State Department spokeswoman Heather Nauert said Sudan is taking the step due to the "critical threat" posed by the North's nuclear program. She said the United States welcomed the decision, which was announced after a visit to Khartoum by Deputy Secretary of State John Sullivan. That visit came as the U.S. and Sudan, encouraged by Israel and Saudi Arabia, moved to improve ties after decades of hostility.
"Isolating the North Korean regime is a top priority for the United States, and is a key element to maintaining peace and stability worldwide," Nauert said in a statement. "The United States is grateful for Sudan's commitment to take these important steps in light of the critical threat posed by" North Korea.
The Trump administration has been pushing foreign countries to reduce economic, diplomatic and other ties to Pyongyang in an effort to further isolate the country and bring it back to the negotiating table. In recent weeks, the administration has been targeting African and South Asian nations and several have agreed. Sudan has been a particular focus of the effort as part of an attempt to improve ties between Washington and Khartoum that has led to a lifting of some U.S. sanctions against Sudan.
As North Korea has faced increasing isolation from western countries, it has increasingly sought relationships with in Africa, the Middle East and South Asia in order to raise badly needed finances. In Africa, it has cultivated military and economic ties with a number of countries, including Sudan, Uganda and Angola, that range from military training programs to construction and industrial projects and the supply of guest workers.
Last month, Uganda announced it had expelled North Korean military experts and representatives of North Korean companies, including its top arms dealer, as part of efforts to comply with new U.N. sanctions against Pyongyang. North Korea had for years trained Ugandan security forces in physical fitness, maritime warfare and weapons handling.
Moussa Faki Mahamat, the chairman of the African Union Commission, responded to Sudan's announcement by saying the African Union condemned the proliferation of nuclear weapons on the continent and elsewhere.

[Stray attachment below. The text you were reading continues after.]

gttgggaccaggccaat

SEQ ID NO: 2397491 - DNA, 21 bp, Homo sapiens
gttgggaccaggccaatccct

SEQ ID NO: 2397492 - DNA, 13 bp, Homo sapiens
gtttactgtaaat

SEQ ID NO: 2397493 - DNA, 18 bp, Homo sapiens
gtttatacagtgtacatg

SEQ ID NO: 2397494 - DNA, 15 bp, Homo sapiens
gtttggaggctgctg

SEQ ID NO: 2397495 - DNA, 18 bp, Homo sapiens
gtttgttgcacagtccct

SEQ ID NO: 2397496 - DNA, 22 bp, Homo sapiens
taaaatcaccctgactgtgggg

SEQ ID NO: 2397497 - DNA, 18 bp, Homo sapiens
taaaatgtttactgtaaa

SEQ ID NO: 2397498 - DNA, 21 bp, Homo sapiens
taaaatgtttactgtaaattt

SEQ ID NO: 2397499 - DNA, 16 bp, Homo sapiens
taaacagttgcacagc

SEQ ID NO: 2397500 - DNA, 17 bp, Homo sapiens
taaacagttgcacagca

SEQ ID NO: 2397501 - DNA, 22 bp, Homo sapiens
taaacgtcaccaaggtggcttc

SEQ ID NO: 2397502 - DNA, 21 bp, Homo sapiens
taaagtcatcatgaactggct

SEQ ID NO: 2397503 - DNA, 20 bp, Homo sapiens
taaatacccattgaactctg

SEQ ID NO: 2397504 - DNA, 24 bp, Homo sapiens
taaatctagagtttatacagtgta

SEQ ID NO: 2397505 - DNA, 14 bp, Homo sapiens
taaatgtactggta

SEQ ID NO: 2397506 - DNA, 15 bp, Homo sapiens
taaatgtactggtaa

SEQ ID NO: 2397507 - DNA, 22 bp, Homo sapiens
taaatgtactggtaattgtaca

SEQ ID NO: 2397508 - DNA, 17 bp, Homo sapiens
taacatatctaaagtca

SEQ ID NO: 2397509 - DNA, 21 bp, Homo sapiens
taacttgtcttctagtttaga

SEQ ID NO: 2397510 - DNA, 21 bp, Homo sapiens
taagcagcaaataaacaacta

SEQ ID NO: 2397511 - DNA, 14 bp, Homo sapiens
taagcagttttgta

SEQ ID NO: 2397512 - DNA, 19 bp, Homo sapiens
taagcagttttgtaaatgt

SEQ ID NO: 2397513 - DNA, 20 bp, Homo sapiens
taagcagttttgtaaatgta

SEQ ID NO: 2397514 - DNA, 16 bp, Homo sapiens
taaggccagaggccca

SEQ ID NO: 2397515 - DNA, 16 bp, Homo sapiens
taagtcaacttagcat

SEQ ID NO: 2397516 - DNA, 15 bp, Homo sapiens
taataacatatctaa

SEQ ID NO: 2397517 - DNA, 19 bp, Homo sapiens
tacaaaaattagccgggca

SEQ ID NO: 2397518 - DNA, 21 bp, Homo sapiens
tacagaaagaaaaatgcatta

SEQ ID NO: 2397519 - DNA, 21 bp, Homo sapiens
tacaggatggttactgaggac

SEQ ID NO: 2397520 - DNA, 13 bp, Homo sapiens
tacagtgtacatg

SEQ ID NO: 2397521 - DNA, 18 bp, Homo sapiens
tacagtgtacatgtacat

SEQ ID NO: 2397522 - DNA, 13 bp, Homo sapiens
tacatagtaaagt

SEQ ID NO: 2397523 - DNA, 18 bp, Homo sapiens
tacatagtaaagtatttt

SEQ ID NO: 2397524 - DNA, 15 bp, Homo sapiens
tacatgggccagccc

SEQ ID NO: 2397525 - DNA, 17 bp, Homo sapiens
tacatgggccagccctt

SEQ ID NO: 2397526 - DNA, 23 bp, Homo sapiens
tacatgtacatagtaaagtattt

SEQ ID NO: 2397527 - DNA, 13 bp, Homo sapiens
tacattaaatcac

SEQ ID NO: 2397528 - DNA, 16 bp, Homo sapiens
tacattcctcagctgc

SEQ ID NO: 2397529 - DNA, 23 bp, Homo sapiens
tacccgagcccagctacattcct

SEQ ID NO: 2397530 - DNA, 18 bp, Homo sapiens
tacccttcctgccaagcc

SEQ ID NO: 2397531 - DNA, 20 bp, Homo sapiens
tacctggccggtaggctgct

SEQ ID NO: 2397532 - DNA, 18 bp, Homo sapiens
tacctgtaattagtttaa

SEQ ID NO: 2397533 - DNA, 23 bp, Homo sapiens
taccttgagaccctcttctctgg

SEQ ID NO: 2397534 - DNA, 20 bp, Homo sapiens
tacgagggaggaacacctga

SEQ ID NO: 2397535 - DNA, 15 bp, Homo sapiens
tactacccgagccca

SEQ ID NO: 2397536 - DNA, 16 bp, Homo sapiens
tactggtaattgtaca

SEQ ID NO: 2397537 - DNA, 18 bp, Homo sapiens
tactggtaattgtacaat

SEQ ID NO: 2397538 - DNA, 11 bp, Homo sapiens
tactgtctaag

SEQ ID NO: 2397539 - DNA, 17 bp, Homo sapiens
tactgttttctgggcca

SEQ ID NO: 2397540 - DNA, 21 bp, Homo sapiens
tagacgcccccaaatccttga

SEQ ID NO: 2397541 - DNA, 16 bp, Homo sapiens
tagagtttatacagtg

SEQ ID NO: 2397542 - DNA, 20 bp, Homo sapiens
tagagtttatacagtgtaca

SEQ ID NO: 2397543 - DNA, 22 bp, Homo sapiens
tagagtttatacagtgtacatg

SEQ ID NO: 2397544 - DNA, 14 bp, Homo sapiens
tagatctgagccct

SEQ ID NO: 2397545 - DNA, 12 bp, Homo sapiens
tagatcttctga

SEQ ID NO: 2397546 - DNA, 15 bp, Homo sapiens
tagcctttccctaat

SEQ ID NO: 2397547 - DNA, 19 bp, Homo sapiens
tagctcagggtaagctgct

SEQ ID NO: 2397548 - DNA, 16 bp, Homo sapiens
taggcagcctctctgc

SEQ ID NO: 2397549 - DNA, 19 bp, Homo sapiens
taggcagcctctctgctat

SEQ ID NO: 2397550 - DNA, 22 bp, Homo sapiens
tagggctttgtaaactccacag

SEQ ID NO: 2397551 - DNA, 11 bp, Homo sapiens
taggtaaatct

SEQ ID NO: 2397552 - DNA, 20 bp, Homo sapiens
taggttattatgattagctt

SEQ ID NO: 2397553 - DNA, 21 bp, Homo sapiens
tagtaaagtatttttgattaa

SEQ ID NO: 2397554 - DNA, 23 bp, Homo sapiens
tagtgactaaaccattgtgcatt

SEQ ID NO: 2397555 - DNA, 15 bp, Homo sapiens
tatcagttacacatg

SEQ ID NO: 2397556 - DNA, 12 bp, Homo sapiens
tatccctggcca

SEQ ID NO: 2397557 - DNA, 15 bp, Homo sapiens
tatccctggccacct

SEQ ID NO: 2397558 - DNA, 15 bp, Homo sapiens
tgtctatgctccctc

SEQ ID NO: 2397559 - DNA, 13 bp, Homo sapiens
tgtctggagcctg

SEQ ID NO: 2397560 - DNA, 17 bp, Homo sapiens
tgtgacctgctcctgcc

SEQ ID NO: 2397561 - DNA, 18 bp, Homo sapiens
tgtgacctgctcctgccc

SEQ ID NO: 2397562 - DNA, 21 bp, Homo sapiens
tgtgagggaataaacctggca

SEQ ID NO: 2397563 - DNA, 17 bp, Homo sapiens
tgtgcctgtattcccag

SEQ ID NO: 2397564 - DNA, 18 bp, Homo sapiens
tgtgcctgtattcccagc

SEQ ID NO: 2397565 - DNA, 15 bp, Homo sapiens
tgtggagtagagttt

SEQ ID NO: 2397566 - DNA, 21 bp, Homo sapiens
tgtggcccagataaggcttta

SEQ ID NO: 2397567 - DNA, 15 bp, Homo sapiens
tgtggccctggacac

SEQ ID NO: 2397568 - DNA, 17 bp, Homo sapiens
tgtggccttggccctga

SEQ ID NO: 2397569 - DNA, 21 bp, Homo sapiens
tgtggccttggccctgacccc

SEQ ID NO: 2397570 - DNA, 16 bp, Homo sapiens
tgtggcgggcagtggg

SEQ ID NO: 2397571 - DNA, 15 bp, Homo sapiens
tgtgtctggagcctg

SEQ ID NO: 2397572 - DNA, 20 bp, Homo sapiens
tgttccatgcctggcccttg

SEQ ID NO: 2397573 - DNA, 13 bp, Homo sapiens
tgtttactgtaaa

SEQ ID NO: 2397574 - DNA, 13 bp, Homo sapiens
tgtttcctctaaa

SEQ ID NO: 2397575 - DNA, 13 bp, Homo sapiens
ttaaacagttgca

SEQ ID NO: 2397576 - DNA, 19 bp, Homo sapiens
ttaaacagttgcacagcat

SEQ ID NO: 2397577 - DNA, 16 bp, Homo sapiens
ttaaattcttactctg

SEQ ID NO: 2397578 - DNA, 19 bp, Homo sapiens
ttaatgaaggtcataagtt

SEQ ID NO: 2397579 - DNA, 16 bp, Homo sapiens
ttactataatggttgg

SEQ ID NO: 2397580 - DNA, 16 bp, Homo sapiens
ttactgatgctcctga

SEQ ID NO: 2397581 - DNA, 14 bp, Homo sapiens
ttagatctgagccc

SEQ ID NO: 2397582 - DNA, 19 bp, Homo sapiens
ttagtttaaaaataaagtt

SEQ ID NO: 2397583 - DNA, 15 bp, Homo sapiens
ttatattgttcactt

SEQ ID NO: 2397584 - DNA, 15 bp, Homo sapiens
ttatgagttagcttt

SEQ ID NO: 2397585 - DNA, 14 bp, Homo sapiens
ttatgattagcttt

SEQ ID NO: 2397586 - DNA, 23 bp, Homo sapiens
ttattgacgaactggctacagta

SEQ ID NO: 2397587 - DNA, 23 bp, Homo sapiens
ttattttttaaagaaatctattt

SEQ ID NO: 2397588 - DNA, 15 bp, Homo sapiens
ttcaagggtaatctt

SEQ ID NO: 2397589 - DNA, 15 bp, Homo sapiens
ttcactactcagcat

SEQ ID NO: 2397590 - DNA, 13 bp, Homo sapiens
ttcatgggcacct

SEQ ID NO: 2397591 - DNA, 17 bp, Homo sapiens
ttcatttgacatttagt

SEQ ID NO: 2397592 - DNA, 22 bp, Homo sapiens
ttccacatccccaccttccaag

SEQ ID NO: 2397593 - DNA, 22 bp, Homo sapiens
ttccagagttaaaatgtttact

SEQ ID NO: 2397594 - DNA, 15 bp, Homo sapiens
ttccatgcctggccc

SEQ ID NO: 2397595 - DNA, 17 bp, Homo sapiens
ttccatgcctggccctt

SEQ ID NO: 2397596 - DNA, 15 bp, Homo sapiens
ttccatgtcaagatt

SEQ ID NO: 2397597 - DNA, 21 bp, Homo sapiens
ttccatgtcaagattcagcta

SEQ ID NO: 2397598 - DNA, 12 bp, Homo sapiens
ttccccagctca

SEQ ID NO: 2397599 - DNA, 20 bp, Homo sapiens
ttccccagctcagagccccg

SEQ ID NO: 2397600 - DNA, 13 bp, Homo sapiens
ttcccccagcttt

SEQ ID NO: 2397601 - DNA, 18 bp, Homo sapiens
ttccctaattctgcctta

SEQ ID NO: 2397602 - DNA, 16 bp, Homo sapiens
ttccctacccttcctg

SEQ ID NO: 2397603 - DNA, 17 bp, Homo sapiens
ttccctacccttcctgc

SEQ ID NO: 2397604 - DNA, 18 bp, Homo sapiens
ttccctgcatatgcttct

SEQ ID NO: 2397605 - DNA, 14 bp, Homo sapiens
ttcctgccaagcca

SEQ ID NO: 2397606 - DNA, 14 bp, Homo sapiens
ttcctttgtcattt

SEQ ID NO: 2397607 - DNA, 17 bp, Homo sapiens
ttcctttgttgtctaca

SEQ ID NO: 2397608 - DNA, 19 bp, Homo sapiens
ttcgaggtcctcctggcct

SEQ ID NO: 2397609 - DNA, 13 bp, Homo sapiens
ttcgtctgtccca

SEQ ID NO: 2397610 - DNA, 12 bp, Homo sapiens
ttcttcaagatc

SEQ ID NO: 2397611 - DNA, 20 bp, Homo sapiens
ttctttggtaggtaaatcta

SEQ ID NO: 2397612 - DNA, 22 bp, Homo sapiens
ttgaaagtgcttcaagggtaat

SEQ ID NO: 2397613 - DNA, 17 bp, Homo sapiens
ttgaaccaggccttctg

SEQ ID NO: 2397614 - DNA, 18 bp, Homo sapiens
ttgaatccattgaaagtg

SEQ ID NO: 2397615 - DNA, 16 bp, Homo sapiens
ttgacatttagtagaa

"The development and the manufacturing of these weapons pose a real threat to peace and security in the world," the AU chief said in an Associated Press interview. Thursday's announcement came ahead of a decision expected soon for the U.S. to re-list North Korea as a "state sponsor of terrorism," a designation that President George W. Bush's administration removed in 2008 as it sought a diplomatic agreement to halt Pyongyang's atomic weapons program.
White House spokeswoman Sarah Huckabee Sanders told reporters on Thursday she expected a decision on North Korea's status to be made early next week. The administration had missed an early November congressional deadline to make a decision on the designation but said it would make a determination after the conclusion of President Donald Trump's just-concluded visit to Asia.
Sudan is one of only three countries — the others are Iran and Syria — that are currently designated state sponsor of terrorisms by the State Department, a label that carries economic and financial sanctions. The announcement of Sudan cutting ties with North Korea will likely help its case to be removed from the list.
However, a senior State Department official said the potential changes to Sudan's and North Korea's designations are not directly related and that reviews of both countries are proceeding independently. The official, who was not authorized to discuss the matter publicly and spoke on condition of anonymity, said a determination on Sudan would likely depend on how well it implements its pledge to cut ties with North Korea.
Nauert's statement said the U.S. "will continue engagement on this issue to ensure that this commitment is fully implemented."